• Region II

Let's Get Animated About Winter Fire Safety!



FYI – The US Fire Administration email chain below has tips, social media images, and animations for winter fire safety that you may want to include as part of your site’s Home Safety program. Some items are equally applicable to space heaters in the workplace (** highlighted added):

If you are using a portable heater:

**Make sure the heater has an automatic shut-off so if it tips over, it shuts off.

Keep anything that can burn such bedding, clothing and curtains at least 3 feet from the heater.

**Plug portable heaters directly into wall outlets. Never use an extension cord or power strip.

Turn heaters off when you go to bed or leave the room.

Social media tools

The weather is getting colder. Each year, more people die in home fires during the winter months than any other time of the year.

To help you to spread the word about fire safety, USFA has created new animated social media assets.

You can find these assets for Twitter and Facebook at https://www.usfa.fema.gov/prevention/outreach/media/social.html

Winter fire safety tips

We've also pulled together some tips you can share in your emails, tweets, posts, and on your websites and blogs. Please use the information below to teach your public about heating their homes safely.

More fires happen in the winter months than any other time of the year. During the cold months, we spend more time indoors and use different methods to heat our homes.

It is important to keep fire safety in mind when you are heating your home.

If you are using a portable heater:

Make sure the heater has an automatic shut-off so if it tips over, it shuts off.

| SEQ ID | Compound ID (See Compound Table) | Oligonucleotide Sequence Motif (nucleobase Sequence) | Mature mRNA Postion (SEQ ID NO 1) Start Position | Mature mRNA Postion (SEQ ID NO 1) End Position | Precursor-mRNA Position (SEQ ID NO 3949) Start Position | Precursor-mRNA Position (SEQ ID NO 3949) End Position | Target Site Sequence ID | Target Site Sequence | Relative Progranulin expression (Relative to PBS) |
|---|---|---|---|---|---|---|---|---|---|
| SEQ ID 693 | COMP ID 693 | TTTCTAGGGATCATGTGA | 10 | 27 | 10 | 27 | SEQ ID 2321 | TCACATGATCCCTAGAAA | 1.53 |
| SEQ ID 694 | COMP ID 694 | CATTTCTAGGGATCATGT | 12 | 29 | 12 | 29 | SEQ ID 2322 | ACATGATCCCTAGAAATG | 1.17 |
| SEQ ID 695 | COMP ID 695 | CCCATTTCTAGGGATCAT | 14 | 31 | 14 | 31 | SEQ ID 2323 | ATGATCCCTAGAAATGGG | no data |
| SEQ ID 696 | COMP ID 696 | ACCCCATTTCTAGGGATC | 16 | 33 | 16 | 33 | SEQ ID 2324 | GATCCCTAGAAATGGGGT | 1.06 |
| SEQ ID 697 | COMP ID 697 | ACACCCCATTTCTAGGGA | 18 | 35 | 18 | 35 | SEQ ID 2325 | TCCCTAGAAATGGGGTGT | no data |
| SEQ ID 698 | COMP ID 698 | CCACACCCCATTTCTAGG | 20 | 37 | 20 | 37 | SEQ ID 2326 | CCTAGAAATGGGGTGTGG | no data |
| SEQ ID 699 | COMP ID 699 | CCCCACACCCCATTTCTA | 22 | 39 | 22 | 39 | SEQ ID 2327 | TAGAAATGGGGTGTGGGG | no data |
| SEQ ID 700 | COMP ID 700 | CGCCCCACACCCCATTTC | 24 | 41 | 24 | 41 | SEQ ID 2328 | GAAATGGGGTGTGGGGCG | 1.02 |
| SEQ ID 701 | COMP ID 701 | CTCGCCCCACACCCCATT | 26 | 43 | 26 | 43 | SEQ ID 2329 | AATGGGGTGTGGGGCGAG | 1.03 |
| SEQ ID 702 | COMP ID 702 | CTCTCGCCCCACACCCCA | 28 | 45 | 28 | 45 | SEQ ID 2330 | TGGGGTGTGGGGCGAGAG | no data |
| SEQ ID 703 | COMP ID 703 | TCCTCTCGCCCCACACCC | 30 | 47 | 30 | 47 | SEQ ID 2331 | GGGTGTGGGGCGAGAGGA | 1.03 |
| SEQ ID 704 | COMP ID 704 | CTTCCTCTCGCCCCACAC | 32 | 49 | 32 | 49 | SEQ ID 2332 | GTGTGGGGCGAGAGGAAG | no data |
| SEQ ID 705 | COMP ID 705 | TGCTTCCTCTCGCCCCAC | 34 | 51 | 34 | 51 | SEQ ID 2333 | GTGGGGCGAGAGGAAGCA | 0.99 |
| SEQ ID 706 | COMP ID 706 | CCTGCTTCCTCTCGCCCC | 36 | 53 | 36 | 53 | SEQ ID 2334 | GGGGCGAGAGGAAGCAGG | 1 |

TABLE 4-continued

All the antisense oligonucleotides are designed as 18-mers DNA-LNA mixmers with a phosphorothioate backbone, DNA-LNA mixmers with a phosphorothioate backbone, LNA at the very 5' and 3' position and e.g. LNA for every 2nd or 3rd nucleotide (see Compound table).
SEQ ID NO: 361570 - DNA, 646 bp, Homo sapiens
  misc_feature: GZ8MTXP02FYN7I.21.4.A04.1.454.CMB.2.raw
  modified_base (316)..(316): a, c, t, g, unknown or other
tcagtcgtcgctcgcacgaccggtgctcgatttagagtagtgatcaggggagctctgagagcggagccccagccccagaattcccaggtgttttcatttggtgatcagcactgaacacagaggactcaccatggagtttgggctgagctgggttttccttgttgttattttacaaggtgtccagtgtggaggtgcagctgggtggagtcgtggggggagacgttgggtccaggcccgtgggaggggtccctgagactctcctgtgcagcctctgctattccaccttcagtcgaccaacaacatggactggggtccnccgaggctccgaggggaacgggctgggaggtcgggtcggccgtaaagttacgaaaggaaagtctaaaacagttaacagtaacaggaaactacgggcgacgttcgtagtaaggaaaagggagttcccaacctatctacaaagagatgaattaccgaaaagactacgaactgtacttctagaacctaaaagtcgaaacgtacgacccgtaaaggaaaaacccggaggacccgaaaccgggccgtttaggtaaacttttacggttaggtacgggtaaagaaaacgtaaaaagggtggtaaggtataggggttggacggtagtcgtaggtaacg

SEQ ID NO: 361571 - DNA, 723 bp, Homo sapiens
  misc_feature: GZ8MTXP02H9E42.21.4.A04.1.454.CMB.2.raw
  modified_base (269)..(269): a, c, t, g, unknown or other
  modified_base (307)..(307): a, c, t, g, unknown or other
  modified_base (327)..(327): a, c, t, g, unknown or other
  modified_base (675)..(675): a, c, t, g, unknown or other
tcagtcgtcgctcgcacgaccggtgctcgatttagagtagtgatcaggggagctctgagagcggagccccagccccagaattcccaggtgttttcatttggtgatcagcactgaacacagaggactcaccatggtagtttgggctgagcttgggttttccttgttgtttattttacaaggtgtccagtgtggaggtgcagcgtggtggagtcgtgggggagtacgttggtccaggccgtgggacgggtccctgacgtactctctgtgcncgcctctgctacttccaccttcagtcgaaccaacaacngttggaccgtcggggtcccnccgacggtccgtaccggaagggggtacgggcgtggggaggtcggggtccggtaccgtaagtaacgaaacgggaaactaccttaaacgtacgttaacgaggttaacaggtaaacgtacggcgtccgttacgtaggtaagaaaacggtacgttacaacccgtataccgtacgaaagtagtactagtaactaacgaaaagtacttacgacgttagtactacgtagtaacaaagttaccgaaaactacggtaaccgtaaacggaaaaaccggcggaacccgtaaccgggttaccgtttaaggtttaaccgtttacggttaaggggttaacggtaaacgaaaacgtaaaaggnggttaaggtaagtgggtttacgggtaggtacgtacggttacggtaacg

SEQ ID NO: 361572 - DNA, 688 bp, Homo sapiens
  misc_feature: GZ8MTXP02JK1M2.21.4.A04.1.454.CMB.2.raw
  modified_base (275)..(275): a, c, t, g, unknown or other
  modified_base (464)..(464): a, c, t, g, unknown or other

Keep anything that can burn such bedding, clothing and curtains at least 3 feet from the heater.

Plug portable heaters directly into wall outlets. Never use an extension cord or power strip.

Turn heaters off when you go to bed or leave the room.

If you are using a fireplace:

Keep a glass or metal screen in front of the fireplace to prevent embers or sparks from jumping out and starting a fire.

Do not burn paper in your fireplace.

Before you go to sleep or leave your home put the fire out completely.

Put ashes in a metal container with a lid. Store the container outside at least 3 feet from your home.

If you are using a wood stove:

Have your chimney inspected and cleaned each year by a professional.

Keep anything that can burn at least 3 feet from the stove.

Do not burn paper in your wood stove.

Before you go to sleep or leave your home, put the fire out completely.

When heating your home, you need to be aware of carbon monoxide. Carbon monoxide, also known as CO, is called the “invisible killer” because it’s a colorless, odorless, and poisonous gas. More than 150 people in the U.S. die each year due to accidental CO poisoning from generators or fuel-burning appliances such as furnaces, stoves, water heaters and fire places. Breathing CO at high levels can kill you.

Put CO alarms inside your home to provide an early warning of increasing CO levels. These alarms should be placed in a central location outside each sleeping area and on every level of your home.

As always, make sure you have a smoke alarm on every level of your home, inside bedrooms and outside sleeping areas. Test your alarms every month. Have a home fire escape plan and practice your plan at least twice a year. Make sure everyone knows how to escape your home if there is a fire.

For more information on heating fire safety, go to the U.S. Fire Administration. (https://www.usfa.fema.gov/prevention/outreach/heating.html)

Join the Fight!

Have you joined Fire is Everyone's Fight?

Fire is Everyone's Fight (https://www.usfa.fema.gov/prevention/outreach/fief/) is a national initiative to unite the fire service, life safety organizations and professionals in an effort to reduce home fire injuries, deaths and property loss. The goal is to change how people think about fire and fire prevention.

Join the Fight (https://apps.usfa.fema.gov/contact/fief/) and use the materials to educate your communities about the importance of fire prevention.

If you have any questions, please email Teresa Neal (teresa.neal@fema.dhs.gov).

#2017 #Winter #WinterSafety #Fire #FireSafety #USFA

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VPPPA Region 2

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Email: info@vppparegion2.org  

Phone: 518-747-2390, ext. 217;  518-361-3673

 

 

 

 

 

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